The robots heading to Units One and Two were driving into the reactor to shovel earth and bulldoze walls, as well as carrying out more complex tasks such as sampling the atmosphere, detecting radiation and recovering debris for analysis. Some can even climb walls.
They were designed after the 1986 Chernobyl disaster by GIE Intra, a company owned by EDF Energy, which is masterminding Britain’s nuclear rebuilding.
A plane took off from Paris last night with 130 tons of the robot vehicles, some as large as tanks. Also on board were six EDF engineers who can control the robots from six miles away.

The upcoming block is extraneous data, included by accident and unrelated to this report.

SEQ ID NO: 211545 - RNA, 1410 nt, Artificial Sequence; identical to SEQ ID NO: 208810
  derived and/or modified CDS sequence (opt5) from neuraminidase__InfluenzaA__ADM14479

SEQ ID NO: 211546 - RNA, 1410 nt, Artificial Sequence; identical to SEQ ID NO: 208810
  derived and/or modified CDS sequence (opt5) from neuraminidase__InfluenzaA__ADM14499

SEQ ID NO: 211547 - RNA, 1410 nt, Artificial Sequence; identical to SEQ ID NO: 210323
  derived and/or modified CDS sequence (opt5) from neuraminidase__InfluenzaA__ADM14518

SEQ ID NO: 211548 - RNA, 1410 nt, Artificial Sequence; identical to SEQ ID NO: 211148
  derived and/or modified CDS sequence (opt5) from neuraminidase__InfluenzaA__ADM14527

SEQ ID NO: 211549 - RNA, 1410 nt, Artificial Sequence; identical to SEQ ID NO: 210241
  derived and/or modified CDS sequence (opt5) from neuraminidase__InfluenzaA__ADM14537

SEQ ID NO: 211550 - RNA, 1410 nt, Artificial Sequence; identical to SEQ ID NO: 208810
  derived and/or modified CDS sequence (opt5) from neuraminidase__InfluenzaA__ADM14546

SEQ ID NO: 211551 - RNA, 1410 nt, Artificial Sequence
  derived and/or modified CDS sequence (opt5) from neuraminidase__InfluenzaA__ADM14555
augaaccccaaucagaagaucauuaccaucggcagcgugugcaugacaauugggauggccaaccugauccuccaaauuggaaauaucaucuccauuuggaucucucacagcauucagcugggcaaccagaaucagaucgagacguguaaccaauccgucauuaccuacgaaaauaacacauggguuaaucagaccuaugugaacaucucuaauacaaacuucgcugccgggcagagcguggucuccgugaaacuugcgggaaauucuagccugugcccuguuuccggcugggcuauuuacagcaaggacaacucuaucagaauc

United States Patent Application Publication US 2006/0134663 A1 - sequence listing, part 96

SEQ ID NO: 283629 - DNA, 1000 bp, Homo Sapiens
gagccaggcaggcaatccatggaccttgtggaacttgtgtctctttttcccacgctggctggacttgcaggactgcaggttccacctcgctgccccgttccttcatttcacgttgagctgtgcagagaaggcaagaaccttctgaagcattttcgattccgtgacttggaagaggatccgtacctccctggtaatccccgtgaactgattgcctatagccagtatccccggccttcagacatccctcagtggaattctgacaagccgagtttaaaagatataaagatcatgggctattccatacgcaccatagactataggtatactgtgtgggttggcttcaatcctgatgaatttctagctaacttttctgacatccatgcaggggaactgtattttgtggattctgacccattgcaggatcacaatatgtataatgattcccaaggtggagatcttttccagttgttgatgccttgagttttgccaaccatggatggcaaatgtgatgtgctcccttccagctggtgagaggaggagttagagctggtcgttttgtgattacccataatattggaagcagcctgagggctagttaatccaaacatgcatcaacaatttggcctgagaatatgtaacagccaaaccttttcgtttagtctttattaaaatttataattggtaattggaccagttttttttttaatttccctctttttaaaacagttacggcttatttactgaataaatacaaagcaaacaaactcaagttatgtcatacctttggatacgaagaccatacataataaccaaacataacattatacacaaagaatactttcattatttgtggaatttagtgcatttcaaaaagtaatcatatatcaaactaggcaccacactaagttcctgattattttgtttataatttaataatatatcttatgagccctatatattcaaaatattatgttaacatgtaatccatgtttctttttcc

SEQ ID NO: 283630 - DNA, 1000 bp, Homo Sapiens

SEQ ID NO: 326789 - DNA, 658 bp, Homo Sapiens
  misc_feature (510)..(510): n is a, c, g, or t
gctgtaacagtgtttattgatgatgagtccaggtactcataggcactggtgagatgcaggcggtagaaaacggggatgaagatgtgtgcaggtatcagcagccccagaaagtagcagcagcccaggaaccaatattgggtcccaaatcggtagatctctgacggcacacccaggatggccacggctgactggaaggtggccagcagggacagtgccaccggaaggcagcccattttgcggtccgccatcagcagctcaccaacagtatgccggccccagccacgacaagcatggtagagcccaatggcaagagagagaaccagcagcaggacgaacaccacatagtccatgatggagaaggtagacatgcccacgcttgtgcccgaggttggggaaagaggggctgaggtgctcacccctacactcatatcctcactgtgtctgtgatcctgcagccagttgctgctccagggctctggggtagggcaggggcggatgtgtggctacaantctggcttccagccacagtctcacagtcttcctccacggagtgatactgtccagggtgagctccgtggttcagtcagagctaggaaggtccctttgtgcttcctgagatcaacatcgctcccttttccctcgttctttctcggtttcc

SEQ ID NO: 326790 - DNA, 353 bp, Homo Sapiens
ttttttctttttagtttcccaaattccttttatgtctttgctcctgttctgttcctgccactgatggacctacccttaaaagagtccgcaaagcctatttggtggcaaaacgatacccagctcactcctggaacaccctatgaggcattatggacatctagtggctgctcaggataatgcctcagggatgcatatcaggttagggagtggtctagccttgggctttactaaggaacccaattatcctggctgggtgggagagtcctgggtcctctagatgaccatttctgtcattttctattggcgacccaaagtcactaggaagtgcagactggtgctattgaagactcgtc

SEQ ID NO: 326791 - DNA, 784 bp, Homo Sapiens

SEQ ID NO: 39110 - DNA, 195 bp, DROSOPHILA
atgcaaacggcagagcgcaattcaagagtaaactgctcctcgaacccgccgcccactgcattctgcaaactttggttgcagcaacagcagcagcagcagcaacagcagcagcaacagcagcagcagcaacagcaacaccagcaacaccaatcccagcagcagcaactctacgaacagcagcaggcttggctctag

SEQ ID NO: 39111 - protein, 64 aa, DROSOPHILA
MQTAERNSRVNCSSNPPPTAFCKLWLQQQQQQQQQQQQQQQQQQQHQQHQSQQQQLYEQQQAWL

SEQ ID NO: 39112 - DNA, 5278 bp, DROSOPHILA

Tepco hopes to restore power to all six reactors tomorrow, which would allow the site’s water cooling pump system to be restarted. Workers are also drilling holes in roofs to prevent gas explosions.
The firefighters had set up an unmanned vehicle in front of the reactor building. The vehicle can spray seawater from a height of 22 meters directly into a pool containing spent fuel rods. A pump vehicle supplied seawater through an 800-meter hose.
After adjusting the position of the unmanned vehicle and the direction of its spray, the firefighters left.
The unmanned operation was originally planned to continue for 7 hours. But the fire department extended it by more than 6 hours after a government taskforce asked that water be sprayed for as long as possible.